POST: No Fairfield residents will receive sewer from this $50 million spec plant.

FACT CHECK: This is absolutely false information. As county officials have said many times, the county is pursuing new residential and commercial development with the wwtp as aggressively as it is pursuing industrial development. In fact, initially, the county will extend collection lines along major arteries to allow residents to connect. This plant is estimated to cost only $32 million, not $50 million, and most of the $32 million will be offset by grant funding.

POST: (A summation of several posts) The Town of Winnsboro has an available capacity of 287,000 gallons per day (gpd), and capacity from closed industries would contribute another 255,000 gpd. This is capacity the county could use.

FACT CHECK: This ‘available’ capacity is not accessible to the county. The county has repeatedly answered this, but it continues to be ignored/misunderstood by CC/CC posts. The answer again: The existing collection lines and pump stations for this excess Winnsboro capacity are inadequate, undersized, out dated, in need of upgrading and cannot be used by the county to access the 287,000 gpd. For the growth areas in Fairfield to access Winnsboro’s excess 287,000 gpd, the county’s Economic Director Ty Davenport has already stated that the county would have to spend $10M-$12M on collection lines – or $24 per gallon – while adding zero capacity to the system. Davenport said the county can build a wwtp to initially handle 2 million gpd that would easily expand to 4 million gpd for only $8-16 per gallon. Economically, he said, it makes no sense to spend $12M to upgrade sewer collection lines while not creating any new sewer capacity.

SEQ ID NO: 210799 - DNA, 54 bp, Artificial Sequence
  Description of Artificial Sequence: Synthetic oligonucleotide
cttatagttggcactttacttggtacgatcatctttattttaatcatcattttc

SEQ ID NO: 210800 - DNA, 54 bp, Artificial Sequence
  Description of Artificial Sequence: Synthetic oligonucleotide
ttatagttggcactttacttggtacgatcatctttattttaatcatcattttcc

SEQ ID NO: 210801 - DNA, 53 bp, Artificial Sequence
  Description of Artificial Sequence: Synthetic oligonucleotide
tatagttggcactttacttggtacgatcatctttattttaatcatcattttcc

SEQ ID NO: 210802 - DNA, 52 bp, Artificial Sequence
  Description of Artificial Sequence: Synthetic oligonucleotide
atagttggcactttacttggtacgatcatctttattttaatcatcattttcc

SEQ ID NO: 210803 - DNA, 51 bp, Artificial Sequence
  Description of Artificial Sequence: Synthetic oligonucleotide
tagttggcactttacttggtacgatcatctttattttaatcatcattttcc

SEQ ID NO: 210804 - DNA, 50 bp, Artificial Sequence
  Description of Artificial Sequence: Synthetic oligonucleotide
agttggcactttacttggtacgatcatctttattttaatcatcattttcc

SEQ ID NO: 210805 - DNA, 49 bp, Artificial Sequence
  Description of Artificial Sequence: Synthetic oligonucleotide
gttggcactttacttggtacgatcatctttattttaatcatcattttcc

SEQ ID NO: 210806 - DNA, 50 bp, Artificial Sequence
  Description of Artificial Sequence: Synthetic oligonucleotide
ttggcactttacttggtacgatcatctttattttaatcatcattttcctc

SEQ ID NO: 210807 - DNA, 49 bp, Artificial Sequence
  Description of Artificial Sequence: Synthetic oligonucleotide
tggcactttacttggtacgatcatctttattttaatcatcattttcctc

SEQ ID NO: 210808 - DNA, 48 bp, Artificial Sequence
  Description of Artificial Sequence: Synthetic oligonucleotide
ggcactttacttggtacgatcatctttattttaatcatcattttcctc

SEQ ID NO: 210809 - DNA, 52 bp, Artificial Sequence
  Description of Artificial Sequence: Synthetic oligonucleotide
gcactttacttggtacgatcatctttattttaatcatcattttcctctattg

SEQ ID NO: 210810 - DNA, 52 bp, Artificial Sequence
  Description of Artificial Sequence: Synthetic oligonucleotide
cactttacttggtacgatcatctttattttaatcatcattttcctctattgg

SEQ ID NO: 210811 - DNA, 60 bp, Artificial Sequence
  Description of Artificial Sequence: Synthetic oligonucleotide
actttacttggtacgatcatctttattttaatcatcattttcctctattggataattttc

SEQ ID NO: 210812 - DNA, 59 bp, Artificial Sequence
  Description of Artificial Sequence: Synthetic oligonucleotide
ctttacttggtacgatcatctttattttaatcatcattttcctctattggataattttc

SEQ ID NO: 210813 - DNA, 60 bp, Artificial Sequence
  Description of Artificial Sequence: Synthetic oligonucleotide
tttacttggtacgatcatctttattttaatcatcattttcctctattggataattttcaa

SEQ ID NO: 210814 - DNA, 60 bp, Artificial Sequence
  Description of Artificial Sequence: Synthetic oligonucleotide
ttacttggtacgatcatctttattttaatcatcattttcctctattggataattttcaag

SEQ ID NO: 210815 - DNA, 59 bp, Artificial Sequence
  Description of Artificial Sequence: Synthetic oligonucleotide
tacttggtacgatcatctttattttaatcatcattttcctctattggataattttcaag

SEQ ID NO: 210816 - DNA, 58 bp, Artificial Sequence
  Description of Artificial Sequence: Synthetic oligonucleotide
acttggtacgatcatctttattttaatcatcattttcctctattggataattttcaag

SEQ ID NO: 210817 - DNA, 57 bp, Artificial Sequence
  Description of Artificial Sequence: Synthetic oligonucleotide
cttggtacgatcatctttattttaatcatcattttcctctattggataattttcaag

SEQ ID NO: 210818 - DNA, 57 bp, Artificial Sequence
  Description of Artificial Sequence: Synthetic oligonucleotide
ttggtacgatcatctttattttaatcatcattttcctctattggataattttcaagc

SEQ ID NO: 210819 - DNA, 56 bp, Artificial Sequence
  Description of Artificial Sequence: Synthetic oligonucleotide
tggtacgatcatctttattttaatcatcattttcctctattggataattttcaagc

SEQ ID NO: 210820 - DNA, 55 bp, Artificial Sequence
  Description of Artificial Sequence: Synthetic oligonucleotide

Davenport also said there are 255,000 gpd of potentially “reclaimed” capacity in Winnsboro from companies that no longer use it. But, again, DHEC has not yet signed off on a request for this capacity.  Until they do, Davenport said there are only 287,000 gpd available though not accessible from Winnsboro.

There is another 250,000 gpd of capacity available from Great Falls, Davenport said, but again it is not accessible unless the county lays 20 miles of collection lines at a cost of $30 million. He said that is not a prudent use of county funds considering the county can build a new wwtp that adds 2 – 3million gpd of capacity for only $32 million.

Let’s face it, the longer Fairfield kicks the wwpt down the road, the longer and less likely it will be for Fairfield County to be able to provide better housing, good jobs and higher wages. We can’t wait. We need them now. I should think that everybody in the county would WANT this sooner rather than later.

Don’t let the CC/CC folks talk us into missing that boat.

Vote for a better life.

This council has raised the bar. They’ve done more to bring industry and good paying jobs to Fairfield than any council in years. Why change the balance of power at this critical time and take a chance on someone who isn’t proven.

A vote for Neil Robinson (Dist. 6), Bertha Goins (Dist. 4) and Jimmy Ray Douglas (Dist. 2) for county council is a vote for more industry, more jobs, better housing and greater prosperity for Fairfield County. Vote on or before Nov. 3.